(Stephane Mallarme, 1866-67)
For Bradford Cook
It's an awesome thing, when fate takes you at your word
at eighteen or twenty. If Dreams weren't greater than
Action. . .
Happiness on this earth! One has to be pretty vulgar
to stoop to it. When I wrote that, two months
before marriage, Marie's weak chest
seemed a kind of grace-note—the blood-hearted
sharpening the wild-thing poignance of her eyes. . .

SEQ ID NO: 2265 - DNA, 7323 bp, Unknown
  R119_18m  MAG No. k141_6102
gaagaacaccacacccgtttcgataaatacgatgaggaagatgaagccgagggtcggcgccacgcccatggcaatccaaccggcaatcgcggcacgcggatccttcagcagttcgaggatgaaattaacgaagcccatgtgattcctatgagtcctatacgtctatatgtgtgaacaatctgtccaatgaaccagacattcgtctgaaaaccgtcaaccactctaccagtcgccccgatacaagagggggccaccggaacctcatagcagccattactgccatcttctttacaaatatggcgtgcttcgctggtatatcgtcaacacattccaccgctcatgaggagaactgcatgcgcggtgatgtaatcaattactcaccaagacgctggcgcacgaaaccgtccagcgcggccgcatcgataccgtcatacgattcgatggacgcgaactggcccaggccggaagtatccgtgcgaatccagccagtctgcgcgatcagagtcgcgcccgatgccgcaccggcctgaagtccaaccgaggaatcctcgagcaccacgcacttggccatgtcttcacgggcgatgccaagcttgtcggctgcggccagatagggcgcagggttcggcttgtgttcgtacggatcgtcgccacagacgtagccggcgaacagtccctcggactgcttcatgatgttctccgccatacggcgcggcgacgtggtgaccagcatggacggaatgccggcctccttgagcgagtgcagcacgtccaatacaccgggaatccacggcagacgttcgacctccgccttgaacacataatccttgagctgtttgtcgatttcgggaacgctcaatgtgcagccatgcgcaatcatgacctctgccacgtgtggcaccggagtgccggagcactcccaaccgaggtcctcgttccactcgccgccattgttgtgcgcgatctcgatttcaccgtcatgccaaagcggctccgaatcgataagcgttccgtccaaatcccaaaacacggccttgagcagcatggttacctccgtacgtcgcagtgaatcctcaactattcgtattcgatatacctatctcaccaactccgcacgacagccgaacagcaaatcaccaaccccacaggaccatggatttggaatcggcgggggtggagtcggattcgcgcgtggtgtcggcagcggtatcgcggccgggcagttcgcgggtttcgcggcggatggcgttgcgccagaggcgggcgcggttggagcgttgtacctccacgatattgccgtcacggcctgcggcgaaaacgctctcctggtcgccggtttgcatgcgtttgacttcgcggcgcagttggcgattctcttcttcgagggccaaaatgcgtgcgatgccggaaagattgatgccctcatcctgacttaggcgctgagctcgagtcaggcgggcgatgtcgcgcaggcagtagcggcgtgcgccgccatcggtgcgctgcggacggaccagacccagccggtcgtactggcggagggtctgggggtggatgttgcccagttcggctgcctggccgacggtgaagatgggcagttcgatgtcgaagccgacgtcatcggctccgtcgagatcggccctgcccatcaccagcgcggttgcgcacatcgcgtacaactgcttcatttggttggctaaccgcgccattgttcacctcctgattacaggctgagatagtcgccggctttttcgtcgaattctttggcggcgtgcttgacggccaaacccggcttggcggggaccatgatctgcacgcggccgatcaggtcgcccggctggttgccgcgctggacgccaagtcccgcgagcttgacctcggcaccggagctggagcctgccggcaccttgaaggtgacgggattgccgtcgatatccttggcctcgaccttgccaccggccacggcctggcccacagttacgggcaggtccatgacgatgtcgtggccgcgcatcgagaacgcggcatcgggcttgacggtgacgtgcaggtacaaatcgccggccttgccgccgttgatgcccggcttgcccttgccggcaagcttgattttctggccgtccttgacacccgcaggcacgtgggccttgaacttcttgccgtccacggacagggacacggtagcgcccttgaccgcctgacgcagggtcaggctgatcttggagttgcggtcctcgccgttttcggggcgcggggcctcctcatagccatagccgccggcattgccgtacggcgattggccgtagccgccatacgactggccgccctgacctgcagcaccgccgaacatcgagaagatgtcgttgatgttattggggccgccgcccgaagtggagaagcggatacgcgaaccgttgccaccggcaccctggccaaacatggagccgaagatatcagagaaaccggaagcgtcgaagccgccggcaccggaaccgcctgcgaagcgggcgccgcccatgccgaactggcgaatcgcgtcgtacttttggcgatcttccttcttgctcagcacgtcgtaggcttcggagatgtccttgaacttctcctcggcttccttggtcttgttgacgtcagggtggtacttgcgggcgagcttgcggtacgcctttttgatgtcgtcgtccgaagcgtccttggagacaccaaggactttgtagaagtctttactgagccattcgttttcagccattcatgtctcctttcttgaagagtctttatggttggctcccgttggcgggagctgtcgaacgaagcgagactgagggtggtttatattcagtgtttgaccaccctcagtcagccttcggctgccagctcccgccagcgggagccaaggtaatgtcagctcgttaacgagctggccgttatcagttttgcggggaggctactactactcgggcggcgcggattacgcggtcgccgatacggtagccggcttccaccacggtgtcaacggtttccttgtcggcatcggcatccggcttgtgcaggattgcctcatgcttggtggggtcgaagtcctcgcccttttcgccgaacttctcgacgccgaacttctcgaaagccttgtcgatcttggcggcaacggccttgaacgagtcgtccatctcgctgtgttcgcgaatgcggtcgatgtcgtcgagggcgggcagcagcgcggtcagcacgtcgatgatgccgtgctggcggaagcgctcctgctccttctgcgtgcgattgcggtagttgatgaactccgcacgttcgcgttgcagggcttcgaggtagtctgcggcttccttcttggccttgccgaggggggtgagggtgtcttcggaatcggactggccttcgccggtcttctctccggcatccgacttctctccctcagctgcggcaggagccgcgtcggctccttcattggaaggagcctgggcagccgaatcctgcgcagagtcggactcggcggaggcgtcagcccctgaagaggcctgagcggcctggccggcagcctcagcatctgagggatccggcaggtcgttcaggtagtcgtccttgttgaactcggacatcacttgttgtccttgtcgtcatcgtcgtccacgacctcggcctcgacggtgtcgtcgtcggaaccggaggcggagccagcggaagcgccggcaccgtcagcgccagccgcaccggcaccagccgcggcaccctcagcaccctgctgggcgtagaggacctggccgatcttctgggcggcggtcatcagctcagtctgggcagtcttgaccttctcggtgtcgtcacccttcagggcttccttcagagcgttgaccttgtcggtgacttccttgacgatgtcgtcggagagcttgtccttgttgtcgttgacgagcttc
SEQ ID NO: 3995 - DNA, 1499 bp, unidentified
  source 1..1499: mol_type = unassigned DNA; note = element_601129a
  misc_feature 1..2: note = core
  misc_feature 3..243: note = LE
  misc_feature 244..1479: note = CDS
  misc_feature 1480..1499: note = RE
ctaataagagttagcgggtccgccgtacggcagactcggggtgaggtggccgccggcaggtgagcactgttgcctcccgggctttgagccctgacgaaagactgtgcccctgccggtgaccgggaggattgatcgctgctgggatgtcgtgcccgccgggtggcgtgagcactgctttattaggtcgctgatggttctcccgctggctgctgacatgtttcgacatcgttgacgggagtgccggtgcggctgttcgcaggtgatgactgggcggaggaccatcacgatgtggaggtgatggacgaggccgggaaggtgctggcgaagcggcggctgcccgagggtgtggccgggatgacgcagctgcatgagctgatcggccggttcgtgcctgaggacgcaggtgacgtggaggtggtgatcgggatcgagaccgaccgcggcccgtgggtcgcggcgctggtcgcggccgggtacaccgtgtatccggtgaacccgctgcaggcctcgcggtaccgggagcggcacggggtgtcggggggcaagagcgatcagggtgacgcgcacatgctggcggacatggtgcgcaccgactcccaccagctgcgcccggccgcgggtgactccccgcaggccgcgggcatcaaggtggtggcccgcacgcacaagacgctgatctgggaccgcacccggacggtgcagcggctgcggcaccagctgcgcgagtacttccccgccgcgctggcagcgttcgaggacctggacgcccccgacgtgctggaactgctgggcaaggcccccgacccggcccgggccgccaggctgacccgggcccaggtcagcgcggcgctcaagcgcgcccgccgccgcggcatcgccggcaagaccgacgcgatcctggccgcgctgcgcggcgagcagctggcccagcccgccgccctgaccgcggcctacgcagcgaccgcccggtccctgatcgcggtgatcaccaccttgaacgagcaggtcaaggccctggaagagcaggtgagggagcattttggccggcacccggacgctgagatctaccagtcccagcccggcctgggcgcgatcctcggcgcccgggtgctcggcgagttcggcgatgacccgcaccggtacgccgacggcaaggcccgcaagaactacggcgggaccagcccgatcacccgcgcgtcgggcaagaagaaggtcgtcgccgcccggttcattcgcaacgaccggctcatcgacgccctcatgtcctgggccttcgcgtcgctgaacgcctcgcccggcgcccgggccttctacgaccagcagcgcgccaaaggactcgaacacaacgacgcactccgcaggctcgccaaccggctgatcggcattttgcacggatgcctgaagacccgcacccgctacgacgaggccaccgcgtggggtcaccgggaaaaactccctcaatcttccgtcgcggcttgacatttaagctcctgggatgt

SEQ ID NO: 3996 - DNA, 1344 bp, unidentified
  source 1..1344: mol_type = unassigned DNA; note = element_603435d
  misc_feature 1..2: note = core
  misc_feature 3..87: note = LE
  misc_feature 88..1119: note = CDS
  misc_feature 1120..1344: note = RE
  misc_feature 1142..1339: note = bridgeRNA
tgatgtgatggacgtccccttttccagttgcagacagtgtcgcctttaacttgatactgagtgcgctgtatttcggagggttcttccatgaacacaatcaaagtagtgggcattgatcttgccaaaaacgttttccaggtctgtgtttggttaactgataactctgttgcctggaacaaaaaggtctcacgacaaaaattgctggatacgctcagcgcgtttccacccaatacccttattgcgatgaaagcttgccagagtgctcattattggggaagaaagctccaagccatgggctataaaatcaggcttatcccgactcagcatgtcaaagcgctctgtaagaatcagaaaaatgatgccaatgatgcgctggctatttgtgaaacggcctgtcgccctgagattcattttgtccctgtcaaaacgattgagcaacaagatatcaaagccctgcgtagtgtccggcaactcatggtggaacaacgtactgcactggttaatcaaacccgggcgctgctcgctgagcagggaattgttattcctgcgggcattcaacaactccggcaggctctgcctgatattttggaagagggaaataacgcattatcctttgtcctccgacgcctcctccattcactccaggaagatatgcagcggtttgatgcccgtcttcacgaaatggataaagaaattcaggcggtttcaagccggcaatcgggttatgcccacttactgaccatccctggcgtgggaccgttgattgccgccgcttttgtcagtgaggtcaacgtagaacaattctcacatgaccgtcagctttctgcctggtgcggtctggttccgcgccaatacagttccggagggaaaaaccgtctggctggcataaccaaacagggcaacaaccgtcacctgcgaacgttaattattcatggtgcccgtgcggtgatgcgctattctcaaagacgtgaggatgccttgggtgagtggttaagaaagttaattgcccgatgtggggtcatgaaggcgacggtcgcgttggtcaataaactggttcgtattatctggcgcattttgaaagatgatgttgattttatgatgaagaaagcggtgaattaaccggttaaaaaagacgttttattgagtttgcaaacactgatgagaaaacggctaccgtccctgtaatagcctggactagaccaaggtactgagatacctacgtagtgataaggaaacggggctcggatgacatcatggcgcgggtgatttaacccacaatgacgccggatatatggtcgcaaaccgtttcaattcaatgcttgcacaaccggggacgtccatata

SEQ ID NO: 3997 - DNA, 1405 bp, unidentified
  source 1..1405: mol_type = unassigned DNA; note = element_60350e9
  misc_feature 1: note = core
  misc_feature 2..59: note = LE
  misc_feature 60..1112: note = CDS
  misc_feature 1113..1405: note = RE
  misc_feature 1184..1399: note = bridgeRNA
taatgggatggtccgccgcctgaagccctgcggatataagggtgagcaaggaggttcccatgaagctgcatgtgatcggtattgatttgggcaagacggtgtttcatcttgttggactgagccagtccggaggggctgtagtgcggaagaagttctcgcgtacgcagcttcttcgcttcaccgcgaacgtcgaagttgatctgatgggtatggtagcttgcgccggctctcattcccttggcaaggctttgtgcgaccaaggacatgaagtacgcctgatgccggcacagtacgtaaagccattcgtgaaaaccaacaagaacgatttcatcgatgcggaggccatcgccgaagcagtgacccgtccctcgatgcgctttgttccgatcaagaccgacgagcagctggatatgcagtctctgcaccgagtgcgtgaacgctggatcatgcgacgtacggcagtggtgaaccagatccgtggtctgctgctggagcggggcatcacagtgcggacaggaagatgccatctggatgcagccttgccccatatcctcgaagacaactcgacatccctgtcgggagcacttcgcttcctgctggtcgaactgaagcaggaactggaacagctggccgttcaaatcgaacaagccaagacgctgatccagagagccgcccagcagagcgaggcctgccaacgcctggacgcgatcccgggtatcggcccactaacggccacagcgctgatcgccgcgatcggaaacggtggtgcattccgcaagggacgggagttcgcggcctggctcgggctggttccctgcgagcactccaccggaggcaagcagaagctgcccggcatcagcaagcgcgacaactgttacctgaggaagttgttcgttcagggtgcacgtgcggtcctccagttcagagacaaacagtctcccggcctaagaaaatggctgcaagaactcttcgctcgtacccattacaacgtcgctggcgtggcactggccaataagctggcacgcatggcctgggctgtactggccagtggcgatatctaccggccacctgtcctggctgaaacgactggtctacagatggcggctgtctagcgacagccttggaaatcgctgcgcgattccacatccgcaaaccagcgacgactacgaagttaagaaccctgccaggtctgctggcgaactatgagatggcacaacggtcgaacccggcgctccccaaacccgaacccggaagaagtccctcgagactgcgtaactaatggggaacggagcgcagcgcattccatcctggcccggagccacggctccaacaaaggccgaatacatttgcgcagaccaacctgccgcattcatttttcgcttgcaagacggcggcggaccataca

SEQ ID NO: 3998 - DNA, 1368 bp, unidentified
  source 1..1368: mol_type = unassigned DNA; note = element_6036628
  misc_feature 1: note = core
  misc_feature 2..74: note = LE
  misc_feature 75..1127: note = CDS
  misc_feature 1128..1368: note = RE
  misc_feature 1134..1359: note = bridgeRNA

And unhappiness? A curtain-line, a fling of the sleeve.
Not, at any rate, this matter of two fatigues
grinding each other; the worry when the child
gives her slight cough; the bone-cold rooms,
and happy, sometimes, for those. . .
Our move here was as moving
is—one's old chair in the fall rain an hour
because the men want coffee. . . The irksome part was the
to be composed through it all; the need, after Tournon,
to think about stopping rumors before they start.